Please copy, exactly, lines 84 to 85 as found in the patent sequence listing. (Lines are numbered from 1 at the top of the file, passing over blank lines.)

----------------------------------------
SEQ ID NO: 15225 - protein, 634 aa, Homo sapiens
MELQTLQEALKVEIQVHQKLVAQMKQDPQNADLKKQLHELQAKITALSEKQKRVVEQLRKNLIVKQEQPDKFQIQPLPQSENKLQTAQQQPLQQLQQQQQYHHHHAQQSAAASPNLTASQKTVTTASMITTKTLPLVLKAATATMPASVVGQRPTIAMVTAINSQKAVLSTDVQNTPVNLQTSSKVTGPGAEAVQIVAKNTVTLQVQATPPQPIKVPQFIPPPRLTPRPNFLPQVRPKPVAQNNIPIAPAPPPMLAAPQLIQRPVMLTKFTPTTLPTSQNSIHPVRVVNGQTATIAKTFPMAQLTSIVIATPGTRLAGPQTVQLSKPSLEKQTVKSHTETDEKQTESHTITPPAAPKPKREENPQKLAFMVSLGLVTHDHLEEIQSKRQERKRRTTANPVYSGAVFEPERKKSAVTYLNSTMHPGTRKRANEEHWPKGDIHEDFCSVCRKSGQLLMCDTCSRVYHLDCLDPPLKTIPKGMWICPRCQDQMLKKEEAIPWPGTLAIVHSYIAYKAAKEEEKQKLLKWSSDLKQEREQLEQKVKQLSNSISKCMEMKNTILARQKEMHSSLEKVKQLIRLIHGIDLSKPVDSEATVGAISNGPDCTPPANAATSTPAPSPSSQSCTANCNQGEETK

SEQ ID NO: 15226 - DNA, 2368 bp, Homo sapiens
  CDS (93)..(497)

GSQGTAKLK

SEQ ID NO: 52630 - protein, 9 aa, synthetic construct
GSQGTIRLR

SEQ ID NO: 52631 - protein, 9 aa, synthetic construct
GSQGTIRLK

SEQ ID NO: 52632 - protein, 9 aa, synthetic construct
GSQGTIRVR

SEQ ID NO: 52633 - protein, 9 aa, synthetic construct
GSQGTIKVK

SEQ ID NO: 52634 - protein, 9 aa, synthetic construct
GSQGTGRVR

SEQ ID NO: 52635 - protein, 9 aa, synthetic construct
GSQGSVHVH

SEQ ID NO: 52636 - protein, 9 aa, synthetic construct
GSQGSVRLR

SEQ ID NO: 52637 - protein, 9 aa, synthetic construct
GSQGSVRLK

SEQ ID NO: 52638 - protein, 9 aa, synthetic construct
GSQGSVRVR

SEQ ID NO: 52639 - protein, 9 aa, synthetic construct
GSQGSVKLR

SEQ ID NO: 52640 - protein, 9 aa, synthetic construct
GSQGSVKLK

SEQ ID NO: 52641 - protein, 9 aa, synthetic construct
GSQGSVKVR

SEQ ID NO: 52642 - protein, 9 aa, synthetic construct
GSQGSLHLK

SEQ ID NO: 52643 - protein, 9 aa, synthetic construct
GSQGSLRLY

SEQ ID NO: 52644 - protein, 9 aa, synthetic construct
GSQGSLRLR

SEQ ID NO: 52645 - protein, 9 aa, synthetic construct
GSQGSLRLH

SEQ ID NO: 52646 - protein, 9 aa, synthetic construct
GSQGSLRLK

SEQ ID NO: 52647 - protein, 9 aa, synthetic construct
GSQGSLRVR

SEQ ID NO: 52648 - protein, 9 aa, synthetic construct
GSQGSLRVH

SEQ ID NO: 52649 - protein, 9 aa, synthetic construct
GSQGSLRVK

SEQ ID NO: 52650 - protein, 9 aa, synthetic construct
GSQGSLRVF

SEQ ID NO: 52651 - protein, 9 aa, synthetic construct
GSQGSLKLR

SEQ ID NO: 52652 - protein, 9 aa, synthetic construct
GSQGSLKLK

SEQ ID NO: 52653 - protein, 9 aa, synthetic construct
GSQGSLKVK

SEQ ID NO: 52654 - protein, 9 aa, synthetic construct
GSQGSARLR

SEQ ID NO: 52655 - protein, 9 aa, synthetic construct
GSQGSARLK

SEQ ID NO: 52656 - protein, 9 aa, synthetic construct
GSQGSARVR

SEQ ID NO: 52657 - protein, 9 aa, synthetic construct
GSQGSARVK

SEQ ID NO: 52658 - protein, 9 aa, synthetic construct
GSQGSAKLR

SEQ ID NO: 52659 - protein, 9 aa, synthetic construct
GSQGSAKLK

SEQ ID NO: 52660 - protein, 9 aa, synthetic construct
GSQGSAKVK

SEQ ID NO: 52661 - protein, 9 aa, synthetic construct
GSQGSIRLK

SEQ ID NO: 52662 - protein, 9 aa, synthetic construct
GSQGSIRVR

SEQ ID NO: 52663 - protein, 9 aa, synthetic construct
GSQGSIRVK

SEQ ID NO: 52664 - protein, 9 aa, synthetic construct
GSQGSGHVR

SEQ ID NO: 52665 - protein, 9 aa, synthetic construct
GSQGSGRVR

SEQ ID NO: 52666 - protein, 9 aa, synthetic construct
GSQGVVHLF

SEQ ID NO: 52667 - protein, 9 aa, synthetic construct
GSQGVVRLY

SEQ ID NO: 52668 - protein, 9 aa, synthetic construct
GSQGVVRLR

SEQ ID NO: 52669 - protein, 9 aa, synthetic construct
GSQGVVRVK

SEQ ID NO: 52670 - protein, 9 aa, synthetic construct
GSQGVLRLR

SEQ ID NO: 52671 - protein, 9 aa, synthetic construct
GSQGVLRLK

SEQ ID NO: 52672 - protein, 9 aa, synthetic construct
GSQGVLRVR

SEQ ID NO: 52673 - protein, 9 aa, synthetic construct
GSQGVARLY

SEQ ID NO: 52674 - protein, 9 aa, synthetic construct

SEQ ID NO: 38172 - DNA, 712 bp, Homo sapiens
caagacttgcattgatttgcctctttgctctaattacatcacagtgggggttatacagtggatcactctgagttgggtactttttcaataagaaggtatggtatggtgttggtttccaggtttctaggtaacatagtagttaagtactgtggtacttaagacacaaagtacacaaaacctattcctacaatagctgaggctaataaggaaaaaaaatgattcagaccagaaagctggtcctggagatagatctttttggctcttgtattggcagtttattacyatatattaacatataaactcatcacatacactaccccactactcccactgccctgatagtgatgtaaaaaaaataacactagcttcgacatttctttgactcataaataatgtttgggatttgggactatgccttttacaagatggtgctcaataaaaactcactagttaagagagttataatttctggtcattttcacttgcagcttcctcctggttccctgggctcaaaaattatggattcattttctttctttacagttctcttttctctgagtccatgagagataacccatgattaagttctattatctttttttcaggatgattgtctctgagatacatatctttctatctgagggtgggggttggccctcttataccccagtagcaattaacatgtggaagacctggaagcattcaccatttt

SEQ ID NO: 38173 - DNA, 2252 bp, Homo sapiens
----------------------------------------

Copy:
SEQ ID NO: 52669 - protein, 9 aa, synthetic construct
GSQGVVRVK